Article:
Transportation

Waterfront Trail Biking

Duluth is an active and fast moving city and there are many moving pieces that bring the city to life. From bikes to trains, hiking to cargo ships, and everything in between, transportation in all its forms is vital to the health of people, the environment and the economy. It’s what connects us to each other, and links us to the wider world.

At the start of Imagine Duluth 2035, the transportation focus group identified a list of research questions which can be found here.  After conducting two focus groups and researching data related to the questions, the following Draft Policy Statements have been created:

  • Lower infrastructure costs: To minimize construction and long-term maintenance costs, prioritize areas for development and redevelopment that maximize use of Duluth’s existing infrastructure. Existing streets should be rightsized to accommodate needs of users and, as they are reconstructed, should be evaluated for narrower lanes or road widths, or other strategies that will lower costs of both the road and stormwater infrastructure.
  • Improve street conditions for all users: An asset management approach should be used to extend the life of existing infrastructure, and the City’s Capital Improvement Plan (CIP) should address long-term reconstruction of roads in the worst condition; both of these need to be tied to a sustainable street funding mechanism and should prioritize streets used as transit lines, bike routes, or concentrations of pedestrians (such as near schools and commercial centers). Street design should include safety considerations for all modes.

  • Increase multimodal options: Transportation choices that enhance the health of the community and provide transportation access for all will be prioritized over single-mode travel. Duluth’s transportation system shall include transit, biking, and walking as viable choices that are also safe and convenient.

  • Support city and neighborhood vitality: Transportation decisions should contribute to citizens’ and visitor’s quality of life and enhance the image of Duluth as an urban, progressive, outdoor city. Public investments should support private reinvestment in housing stock, neighborhood commercial districts, employment centers, and new mixed use areas.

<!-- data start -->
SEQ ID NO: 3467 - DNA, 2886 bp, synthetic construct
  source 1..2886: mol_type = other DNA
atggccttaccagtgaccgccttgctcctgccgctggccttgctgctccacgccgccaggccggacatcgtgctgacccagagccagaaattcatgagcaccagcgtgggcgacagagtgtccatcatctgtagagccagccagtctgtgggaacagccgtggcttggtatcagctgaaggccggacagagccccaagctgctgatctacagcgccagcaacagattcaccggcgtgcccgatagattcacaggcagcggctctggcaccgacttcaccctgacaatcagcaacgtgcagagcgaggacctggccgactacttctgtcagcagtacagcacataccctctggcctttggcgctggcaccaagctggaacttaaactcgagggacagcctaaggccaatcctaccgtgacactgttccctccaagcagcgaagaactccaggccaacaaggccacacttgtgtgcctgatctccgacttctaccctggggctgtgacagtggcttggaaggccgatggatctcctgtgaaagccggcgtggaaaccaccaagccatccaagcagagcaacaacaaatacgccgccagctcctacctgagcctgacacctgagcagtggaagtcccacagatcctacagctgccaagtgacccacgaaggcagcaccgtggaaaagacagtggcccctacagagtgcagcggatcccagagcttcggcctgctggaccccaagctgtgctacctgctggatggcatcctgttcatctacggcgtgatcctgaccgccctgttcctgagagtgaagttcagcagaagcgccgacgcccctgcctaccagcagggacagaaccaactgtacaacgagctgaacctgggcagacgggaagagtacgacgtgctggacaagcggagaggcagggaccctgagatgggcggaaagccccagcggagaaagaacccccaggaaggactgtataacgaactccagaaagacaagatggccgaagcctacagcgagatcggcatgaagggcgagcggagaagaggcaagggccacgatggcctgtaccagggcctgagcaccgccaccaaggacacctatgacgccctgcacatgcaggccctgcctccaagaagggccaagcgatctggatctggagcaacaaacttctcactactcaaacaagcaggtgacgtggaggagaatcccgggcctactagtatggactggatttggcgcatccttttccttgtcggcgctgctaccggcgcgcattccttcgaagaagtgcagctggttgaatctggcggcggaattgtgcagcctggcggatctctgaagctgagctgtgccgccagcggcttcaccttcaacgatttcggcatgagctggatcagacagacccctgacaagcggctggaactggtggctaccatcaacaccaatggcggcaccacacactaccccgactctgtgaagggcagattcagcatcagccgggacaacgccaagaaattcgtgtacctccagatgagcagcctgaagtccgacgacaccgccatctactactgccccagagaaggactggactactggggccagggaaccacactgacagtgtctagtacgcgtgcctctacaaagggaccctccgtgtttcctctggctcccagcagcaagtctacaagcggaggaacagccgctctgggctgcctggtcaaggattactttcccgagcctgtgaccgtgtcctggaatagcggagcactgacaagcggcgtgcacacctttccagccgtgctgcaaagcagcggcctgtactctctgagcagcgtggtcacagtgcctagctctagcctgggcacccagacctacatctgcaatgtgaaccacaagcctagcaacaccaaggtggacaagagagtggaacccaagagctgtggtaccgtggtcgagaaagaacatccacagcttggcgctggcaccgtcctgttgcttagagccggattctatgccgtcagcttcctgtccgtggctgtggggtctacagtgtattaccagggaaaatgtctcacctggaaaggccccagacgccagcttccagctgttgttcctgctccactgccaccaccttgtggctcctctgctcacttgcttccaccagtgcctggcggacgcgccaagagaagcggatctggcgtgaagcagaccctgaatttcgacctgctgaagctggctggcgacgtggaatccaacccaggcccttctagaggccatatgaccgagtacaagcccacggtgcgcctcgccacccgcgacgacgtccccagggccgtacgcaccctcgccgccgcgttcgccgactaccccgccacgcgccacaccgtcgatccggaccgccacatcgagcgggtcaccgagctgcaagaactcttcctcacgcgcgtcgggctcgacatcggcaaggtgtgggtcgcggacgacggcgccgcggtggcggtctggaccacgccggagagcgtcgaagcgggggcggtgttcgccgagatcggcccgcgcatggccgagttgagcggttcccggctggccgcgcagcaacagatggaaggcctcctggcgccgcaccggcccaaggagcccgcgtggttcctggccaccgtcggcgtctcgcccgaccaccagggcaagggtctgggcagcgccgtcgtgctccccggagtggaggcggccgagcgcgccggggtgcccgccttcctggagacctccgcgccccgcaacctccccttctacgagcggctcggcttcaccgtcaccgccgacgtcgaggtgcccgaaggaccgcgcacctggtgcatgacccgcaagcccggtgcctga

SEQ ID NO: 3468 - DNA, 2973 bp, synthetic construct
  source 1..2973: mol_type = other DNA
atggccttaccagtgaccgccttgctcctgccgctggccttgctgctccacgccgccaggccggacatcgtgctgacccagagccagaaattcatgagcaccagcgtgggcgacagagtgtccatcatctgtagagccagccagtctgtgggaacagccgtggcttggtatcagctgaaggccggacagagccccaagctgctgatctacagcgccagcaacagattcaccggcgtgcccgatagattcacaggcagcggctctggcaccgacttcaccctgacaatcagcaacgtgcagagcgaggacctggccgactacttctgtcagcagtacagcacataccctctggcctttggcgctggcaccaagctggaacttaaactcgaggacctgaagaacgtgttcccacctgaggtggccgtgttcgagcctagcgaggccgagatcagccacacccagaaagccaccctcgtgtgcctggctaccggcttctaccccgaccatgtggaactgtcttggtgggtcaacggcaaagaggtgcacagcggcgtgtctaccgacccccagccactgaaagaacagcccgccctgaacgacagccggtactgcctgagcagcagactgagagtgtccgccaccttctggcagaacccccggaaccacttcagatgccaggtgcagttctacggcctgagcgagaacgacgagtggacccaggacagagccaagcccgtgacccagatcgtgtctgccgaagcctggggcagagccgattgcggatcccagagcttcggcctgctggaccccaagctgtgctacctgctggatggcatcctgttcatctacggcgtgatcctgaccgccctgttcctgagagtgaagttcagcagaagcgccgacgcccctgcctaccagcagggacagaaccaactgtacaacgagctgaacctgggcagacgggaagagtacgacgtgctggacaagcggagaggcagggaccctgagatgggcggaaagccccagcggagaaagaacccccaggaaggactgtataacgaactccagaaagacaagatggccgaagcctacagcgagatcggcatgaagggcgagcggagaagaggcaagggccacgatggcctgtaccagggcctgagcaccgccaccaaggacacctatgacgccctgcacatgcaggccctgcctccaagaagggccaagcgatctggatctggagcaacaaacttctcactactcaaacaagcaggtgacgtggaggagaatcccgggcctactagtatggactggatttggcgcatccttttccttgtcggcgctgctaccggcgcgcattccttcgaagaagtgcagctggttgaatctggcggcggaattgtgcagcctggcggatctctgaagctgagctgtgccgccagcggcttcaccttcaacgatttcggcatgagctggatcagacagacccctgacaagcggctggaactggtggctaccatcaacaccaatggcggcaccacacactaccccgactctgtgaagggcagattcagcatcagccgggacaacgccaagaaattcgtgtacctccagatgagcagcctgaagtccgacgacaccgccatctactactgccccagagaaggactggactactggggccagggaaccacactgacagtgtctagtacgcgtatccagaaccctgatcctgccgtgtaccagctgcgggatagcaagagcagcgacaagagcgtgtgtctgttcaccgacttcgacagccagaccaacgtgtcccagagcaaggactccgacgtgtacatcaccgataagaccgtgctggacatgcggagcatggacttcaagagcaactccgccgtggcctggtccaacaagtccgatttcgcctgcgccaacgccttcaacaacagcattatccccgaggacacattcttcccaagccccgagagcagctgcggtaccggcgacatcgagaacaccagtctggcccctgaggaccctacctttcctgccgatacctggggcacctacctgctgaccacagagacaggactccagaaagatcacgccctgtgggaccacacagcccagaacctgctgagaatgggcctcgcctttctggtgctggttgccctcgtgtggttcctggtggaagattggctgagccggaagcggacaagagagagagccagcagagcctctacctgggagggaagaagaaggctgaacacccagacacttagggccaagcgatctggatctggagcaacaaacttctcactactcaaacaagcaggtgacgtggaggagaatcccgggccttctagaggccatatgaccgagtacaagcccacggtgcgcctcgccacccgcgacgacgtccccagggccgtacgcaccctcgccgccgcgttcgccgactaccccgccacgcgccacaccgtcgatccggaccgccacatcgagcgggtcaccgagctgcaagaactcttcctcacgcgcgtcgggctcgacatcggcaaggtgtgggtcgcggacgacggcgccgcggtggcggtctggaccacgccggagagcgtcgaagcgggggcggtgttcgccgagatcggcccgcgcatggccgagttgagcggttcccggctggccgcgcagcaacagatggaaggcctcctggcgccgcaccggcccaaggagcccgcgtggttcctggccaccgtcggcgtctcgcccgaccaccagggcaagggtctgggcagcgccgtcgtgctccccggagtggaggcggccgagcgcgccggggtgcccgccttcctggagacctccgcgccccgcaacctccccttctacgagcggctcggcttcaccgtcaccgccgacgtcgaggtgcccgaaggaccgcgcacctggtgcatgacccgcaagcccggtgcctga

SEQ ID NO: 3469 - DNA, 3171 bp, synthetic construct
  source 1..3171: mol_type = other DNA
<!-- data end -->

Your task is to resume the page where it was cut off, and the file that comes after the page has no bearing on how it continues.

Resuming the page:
• Protect and enhance regional and freight transportation: Transportation planning in Duluth needs to recognize the importance of air, rail, water, and highway transportation.

  • Improve connections in downtown and Canal Park: Travel to and within these areas can be challenging in busy tourist seasons and during large events, and impacts quality of life as well as visitors’ experience. Congestion, parking, and wayfinding need special emphasis in this area of the city.

At the next meeting, the Focus Group will help identify specific recommendations and implementation steps for these policy areas.

 

Meeting Agendas and Summaries

 

Next Meeting: June 7, 2017 

5pm, City Hall, Room 303

 

March 8, 2017

October 11, 2016

 

Previous Transportation Plans

Duluth-Superior Port Land Use Plan Update 
Lincoln Park Multimodal Study
Safe Routes to School Update - Myers-Wilkins Elementary & Lincoln Park Middle Schools
Long Range Transportation Plan - Connections 2040
DLH Air Service/Air Cargo Leakage & Expansion Analysis
Human Services Coordinated Transit Plan
Duluth 6th Avenue East Traffic Study 
Duluth Grand Avenue/Hwy 23 Corridor Study
Intersection Control Evaluation (ICE) for the Duluth Area
Duluth-Superior Cruise Ship Terminal Feasibility Study
Central Entrance Corridor Study
N Minnesota/N Wisconsin Regional Freight Plan
UMD/CSS Area Transportation Study
Downtown Duluth Modal Connections Study
Endion Land Use and Transportation Plan
Munger Trail to Lakewalk Connector Plan
Transportation Systems Management (TSM) Assessment of MIC Roadways in Minnesota
Erie Pier Management Plan
Safe Routes to School in Duluth 2006
Duluth Heights Traffic Circulation Study
Rice Lake Road Corridor & Traffic Impact Study